short on time.

Following a lead, Conrad and I headed over to the Tarawa Sports
Complex and pretty much hit the jackpot. The US Navy was wrapping up a
2-week humanitarian project (called the Pacific Partnership 2009) with
a closing ceremony. We'd met several of the American, Australian and
Canadian soldiers since we arrived – after their work was done each
day, some of them would head over to our hotel for dinner and a beer
before heading back to their ship. They were all really wonderful
guys, and the Navy doctor is the one who gave Hunter the eye drops he
desperately needed for his conjunctivitis. In any case, we went to
their closing ceremony and the President of Kiribati was there! We
could hardly believe our good luck. After the ceremony was over, the
Australian High Commissioner introduced me to the President and I was
able to tell him that Roz would be arriving in the next few days. I
told him about her mission – raising awareness for climate change –
and he was so pleased, as this is an issue that is of the utmost
importance to him. He was warm and welcoming, and delighted that Roz
is coming to Tarawa.

After the ceremony, we were invited to drinks at the Australian High
Commissioner's residence. We had heard through the grapevine that the
High Commissioner of New Zealand is a world-class champion rower and
that he had a boat that might work for us, and we were eagerly trying
to connect with him throughout the day. Lo and behold, he was at the
party, so we were able to chat with him and he graciously offered up
his boat to help escort Roz in safely. We were then introduced to a
lovely guy named Emil who also has a large boat, and he offered up his
time and assistance as well. Both gentlemen gave me their phone
numbers and said all we'd need to do is call. Hooray! Mission
accomplished. Uh, well…not quite. We still need Roz.

Today at 10 am, Roz phoned in to give me her update. She was really
struggling with the currents. They were whisking her hard and fast to
the west, making it increasingly difficult for her to head north to
Tarawa. Not good. I gave her the excellent and
just-in-the-nick-of-time news about the escort boats, and she was both
delighted and relieved. She said the winds were due to change to south
easterlies and wanted to carry on trying for Tarawa, but thought that
most likely, she wouldn't be able to get north of Maiana, which is
just 20 miles to the south of Tarawa. Roz thought the most prudent
thing to do was to schedule a rendezvous point on the south west side
of Maiana, and asked if we could arrange that for 9 am tomorrow. Still
hoping those south easterlies would kick in, Roz and I agreed to speak
again at 4:30 pm to course correct if necessary.

At 4:30 Roz called and gave the final confirmation. Yes, let's
rendezvous at 9 am tomorrow in Maiana. It's a bit surreal. Roz has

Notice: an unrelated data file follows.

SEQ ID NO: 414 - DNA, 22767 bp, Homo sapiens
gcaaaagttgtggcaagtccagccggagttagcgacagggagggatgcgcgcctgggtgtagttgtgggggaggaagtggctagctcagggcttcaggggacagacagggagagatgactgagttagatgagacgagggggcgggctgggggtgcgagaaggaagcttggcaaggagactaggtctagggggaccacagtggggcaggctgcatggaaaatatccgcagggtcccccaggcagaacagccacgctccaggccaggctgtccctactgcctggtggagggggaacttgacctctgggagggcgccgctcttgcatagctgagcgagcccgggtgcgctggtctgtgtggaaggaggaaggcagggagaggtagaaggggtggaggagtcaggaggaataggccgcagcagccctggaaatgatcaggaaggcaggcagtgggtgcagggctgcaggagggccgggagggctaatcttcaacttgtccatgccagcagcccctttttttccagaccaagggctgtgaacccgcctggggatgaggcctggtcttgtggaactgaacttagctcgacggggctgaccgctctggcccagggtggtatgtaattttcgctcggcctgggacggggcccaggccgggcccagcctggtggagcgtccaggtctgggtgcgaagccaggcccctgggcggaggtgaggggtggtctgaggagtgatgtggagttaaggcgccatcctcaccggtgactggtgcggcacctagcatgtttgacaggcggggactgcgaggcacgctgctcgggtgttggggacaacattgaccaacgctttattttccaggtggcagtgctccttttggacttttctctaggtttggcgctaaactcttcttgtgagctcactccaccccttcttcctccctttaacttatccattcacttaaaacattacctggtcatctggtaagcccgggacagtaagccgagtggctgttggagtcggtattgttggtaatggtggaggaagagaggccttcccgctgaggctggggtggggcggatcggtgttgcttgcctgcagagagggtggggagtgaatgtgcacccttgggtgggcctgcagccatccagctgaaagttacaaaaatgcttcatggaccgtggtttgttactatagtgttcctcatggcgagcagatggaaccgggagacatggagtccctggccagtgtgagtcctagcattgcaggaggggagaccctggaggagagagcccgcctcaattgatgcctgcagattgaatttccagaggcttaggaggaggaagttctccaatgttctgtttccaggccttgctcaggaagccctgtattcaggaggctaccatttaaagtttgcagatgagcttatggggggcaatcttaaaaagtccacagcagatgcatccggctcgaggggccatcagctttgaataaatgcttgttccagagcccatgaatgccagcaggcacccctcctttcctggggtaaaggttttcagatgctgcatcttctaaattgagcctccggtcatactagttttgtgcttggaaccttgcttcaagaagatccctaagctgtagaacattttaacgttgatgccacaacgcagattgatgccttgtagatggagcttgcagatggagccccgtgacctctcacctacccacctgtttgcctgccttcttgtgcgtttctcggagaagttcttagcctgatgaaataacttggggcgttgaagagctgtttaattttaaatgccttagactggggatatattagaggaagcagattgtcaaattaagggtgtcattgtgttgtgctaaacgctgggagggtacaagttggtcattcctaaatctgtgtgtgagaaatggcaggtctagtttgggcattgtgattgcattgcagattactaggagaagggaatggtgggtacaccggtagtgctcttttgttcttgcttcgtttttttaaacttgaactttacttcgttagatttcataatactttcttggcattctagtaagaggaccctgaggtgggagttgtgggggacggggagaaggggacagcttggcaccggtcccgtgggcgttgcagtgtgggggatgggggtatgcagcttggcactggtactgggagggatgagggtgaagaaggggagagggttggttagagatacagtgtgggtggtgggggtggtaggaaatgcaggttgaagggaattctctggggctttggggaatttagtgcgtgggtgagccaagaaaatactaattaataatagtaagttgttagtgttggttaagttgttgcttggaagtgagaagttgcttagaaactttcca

been at sea for 104 days now, and as she hung up she said, "thanks so
much for everything Nicole – I'll see you in the morning." Wow. It's
rather funny to hear her say that after so long!

I called Emil and Rob – the gentlemen who have offered up their boats
– and they conferred and decided Emil's boat would be the best option,
all things considered. We will all meet tomorrow at 7 am at Bairiki
Harbour and set out to rendezvous with Roz. She and I will speak again
at 7 am to get her latest coordinates (we have GPS on the boat, too)
and we expect it will take about an hour and a half to reach her.

I just spoke with Ricardo, Roz's weatherman in Portugal—the south
easterlies that Roz needs have kicked in over the past hour, so he
seems to think that she'll be able to row all the way in to Tarawa
under her own steam. I know that's what she'll want, and if she can,
super. We'll be there, right alongside, just in case. If she needs a
tow, we can do that too. All our bases are well and truly covered.

Tomorrow is a very big day indeed. It's very late here, but I've still
got quite a lot more work to do, so I'll sign off for now and just say
a massively huge and very heartfelt thank you to all of Roz's
supporters for following along and encouraging her the past 104 days.
Please know that your positivity and enthusiasm means the world to her
and helps keep her going through the rough times.

I also want to thank those of you who have also been so supportive of
me, especially the past couple of weeks. This has been a wonderful
project to be a part of for the past 2 years – and the moral support
I've received from family and friends (and even some of the Rozlings!)
has been amazing and oh-so-necessary. An extra special thank you to my
Granny, my brother Brian, the Yellin Family, my favorite aunties Aenor
and Melinda, Ian Tuller, Hunter and Traci Downs, Nancy Glenn, Ellen
Petry Leanse and Evan Rapoport.

Good night everyone! We'll put up photos, videos and other updates of
Roz's arrival just as quickly as we can.

Nicole

Friday, September 04, 2009

Day 104 Down to Davy Jones’ Locker.

September 4, 2009